940
    I can see an EMP collapsing your electric currency and your entire electrical market.
    Reply With Quote  
     

  6. #5  
    Forum Sophomore
    Join Date
    Sep 2013
    Posts
    106
    Theoretically, each commodity can by used as money. Electricity, corn, copper, silver, gold, cows, beer, chairs, everything. . (eg even in nazi concentration camps cigarets used to function as money)
    And historically that's what have happened. For certain reasons, gold (and silver) dominated as a money-commodity and until the end of Bretton-Woods gold was actually a kind of global money.

    I would argue that global economy needs today a bancor-like global currency. It's crazy to use a fiat national currency ($) for international trade. Think of a unique international currency. Similar to Bretton Woods system but, not in Bretton Woods this time.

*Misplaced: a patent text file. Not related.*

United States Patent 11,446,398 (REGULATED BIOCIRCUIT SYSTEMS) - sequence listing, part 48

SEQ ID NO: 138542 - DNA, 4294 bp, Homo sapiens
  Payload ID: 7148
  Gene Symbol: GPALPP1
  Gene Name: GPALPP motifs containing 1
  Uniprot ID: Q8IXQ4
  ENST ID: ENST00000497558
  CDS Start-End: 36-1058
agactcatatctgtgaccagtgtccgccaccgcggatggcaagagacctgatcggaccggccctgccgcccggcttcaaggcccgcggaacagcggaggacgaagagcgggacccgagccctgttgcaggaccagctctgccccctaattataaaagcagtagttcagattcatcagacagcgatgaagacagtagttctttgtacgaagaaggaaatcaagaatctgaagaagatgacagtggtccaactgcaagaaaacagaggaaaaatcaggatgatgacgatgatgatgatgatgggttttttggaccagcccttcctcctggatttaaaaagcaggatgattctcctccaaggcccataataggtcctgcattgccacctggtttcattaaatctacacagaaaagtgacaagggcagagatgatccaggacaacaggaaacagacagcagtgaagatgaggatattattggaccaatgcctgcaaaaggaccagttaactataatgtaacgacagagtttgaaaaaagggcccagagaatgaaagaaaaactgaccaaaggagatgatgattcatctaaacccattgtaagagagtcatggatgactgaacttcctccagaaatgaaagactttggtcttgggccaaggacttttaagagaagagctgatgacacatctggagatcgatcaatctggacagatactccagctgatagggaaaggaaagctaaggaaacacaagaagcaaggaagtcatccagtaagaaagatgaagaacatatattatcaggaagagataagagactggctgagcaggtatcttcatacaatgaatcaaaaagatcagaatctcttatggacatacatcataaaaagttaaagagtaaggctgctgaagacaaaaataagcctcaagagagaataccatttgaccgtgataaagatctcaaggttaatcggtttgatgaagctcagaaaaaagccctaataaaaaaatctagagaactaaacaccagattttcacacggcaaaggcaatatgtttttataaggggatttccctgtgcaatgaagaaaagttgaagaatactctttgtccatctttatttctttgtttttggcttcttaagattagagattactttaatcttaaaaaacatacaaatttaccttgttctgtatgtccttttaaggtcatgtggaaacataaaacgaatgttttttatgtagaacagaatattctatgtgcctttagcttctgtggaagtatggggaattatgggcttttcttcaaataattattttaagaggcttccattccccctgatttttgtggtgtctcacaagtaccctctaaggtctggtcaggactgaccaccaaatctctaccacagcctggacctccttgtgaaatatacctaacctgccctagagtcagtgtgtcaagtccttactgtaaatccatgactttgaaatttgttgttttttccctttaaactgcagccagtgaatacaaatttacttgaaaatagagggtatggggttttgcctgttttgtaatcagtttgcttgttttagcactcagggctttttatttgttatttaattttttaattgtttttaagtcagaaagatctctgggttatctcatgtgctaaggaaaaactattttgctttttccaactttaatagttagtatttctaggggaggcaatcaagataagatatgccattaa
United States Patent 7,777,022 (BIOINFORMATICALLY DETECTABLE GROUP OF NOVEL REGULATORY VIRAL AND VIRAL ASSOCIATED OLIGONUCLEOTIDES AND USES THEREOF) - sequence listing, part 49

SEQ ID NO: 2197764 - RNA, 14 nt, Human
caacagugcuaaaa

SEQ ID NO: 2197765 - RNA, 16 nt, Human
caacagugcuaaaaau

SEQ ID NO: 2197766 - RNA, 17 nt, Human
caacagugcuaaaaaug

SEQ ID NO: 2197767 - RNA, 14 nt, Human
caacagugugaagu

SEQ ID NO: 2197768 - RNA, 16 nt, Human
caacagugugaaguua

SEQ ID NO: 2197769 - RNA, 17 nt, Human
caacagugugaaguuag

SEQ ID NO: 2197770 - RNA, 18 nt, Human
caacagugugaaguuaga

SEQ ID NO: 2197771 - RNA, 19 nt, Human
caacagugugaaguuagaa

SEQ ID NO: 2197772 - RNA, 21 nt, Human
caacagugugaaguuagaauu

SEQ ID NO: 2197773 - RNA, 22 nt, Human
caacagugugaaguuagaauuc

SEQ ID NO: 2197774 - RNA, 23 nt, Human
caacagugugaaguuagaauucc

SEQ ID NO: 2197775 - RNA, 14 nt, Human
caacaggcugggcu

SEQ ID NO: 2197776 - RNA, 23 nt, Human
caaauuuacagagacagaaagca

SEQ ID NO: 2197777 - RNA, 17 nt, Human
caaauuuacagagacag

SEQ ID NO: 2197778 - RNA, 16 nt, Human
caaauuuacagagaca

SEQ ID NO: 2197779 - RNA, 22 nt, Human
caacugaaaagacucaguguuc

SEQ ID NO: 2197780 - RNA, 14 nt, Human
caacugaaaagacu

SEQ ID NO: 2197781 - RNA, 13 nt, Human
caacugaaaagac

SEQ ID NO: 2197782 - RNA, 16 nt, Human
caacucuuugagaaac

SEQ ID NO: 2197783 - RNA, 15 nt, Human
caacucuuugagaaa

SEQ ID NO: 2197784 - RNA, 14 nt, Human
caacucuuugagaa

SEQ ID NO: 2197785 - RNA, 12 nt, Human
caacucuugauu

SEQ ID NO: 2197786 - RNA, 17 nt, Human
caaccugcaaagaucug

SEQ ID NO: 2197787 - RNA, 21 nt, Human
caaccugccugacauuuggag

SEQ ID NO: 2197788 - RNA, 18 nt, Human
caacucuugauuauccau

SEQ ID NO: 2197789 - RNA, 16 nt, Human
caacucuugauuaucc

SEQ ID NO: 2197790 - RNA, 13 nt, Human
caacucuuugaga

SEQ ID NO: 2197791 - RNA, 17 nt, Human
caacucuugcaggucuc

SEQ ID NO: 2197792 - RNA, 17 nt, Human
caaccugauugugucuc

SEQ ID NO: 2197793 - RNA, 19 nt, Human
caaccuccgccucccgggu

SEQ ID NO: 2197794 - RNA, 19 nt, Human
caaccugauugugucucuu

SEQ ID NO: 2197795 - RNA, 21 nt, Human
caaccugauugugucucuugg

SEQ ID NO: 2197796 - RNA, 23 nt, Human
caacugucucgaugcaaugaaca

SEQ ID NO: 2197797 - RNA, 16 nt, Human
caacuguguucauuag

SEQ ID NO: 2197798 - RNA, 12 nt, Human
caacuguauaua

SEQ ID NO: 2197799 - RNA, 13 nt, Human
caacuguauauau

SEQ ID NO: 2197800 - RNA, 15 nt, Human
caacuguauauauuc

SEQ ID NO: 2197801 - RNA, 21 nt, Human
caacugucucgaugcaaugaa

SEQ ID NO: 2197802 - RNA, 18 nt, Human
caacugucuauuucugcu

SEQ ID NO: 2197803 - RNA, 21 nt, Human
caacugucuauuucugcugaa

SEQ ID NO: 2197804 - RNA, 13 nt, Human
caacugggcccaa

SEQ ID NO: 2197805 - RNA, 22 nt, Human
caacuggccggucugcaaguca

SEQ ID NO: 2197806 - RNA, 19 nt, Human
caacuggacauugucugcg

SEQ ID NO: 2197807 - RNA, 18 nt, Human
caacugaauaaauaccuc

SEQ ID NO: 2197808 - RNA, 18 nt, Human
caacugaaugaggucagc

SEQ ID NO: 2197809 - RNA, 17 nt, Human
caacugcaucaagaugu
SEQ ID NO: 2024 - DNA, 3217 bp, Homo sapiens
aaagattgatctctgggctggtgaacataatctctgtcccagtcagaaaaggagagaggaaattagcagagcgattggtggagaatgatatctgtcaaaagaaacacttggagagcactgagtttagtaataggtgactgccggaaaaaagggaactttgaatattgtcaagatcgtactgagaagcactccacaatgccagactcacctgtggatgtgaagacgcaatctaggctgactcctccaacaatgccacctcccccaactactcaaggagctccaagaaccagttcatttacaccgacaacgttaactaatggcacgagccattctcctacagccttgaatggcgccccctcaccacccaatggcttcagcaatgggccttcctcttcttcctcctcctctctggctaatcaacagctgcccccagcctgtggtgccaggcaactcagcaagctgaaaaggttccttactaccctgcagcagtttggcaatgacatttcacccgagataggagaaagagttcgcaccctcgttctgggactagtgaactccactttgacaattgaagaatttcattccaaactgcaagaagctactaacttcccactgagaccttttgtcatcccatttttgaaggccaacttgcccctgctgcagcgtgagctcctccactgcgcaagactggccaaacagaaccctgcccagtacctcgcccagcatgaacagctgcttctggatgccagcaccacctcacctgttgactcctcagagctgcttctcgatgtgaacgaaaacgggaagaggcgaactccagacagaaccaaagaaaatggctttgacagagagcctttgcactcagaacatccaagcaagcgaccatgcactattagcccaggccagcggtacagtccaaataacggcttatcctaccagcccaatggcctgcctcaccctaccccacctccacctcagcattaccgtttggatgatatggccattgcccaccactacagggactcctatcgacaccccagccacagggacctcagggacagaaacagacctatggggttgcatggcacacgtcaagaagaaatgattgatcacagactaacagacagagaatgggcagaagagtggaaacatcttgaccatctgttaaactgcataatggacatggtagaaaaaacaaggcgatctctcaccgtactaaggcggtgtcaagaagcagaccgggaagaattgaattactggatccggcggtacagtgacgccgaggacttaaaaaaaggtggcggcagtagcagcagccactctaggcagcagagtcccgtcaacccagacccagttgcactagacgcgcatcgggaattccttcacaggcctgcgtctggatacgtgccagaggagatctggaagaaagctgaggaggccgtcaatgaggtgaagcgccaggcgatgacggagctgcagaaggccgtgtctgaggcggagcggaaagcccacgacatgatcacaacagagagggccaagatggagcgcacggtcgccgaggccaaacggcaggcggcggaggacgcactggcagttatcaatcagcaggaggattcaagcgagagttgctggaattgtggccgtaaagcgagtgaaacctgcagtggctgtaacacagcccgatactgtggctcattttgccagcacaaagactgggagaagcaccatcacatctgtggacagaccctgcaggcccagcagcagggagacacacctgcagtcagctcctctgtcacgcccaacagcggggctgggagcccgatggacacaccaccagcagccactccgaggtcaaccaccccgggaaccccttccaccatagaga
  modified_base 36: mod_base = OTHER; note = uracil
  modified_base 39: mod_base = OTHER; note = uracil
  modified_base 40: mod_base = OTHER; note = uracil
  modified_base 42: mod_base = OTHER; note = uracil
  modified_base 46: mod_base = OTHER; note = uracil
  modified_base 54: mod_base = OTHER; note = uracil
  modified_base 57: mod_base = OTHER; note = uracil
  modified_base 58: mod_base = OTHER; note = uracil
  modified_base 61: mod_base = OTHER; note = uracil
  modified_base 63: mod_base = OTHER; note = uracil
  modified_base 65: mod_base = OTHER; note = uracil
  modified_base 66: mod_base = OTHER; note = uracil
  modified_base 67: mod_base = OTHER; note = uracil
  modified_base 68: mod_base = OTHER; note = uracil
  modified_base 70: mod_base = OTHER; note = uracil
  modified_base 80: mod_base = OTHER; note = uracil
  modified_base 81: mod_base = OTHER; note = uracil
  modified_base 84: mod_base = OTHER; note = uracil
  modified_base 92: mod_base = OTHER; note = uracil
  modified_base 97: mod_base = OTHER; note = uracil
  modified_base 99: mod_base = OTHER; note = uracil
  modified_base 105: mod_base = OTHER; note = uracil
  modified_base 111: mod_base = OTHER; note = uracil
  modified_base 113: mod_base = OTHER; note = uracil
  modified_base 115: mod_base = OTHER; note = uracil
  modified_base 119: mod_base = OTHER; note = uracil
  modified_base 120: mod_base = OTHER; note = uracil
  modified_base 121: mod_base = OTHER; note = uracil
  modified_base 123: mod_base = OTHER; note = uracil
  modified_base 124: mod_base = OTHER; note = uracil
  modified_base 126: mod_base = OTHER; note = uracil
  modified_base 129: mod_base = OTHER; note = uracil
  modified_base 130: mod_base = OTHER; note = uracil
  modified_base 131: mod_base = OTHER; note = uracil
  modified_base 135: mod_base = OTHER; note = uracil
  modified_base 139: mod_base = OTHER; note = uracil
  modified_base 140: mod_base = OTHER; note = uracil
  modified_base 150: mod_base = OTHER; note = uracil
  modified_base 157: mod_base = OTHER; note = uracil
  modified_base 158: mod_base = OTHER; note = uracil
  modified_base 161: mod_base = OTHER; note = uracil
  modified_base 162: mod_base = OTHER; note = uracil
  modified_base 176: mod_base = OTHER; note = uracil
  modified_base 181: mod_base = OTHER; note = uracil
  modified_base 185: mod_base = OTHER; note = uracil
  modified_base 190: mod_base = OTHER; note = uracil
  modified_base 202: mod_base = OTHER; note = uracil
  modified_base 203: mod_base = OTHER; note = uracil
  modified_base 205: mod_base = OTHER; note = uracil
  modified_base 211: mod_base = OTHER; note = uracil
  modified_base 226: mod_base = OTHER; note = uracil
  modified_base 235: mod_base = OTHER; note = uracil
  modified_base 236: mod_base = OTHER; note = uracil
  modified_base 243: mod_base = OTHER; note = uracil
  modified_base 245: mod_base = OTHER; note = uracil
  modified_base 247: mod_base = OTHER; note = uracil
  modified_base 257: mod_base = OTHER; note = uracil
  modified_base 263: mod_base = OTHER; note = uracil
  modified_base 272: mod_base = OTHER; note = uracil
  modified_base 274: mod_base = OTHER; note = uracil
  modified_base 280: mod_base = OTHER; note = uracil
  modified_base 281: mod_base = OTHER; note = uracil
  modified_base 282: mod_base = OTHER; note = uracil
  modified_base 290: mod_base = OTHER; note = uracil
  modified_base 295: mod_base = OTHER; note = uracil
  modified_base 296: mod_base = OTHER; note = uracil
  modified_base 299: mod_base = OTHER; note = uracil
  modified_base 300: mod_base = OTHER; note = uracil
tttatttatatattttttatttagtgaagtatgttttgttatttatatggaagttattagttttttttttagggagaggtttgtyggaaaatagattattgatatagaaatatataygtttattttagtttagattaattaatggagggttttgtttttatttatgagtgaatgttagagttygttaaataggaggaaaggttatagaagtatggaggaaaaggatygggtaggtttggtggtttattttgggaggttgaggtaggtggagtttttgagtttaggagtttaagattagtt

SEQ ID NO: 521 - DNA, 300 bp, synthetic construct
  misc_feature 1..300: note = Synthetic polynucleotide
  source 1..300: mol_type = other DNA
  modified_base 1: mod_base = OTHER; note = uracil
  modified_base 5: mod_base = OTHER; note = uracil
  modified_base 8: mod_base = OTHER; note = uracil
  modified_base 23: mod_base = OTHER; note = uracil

Reply With Quote  
     

  7. #6  
    Moderator Moderator
    Join Date
    Apr 2007
    Location
    Washington State
    Posts
    8,309
    Never quite understood the attractions to resource based economies, historically they were extremely unstable, much less stable because one could ruin, destroy or steel the resource and locked people and regions into socio-economic classes fixed on where they happened to be born. While the fiat currencies aren't perfect, they allow nations and individuals to invest in themselves and take risk outside their own areas which allows economic strength in places otherwise resource poor.
    Meteorologist/Naturalist & Retired Soldier
    “The Holy Land is everywhere” Black Elk
    Reply With Quote  
     

  8. #7  
    Forum Sophomore
    Join Date
    Sep 2013
    Posts
    106
    Historically, US, UK, Japan and other developed countries achieved their highest rates of growth with commodity money/representative money. I don't say that there is causality; I just say that it's 100% possible to achieve growth while using this kind of money.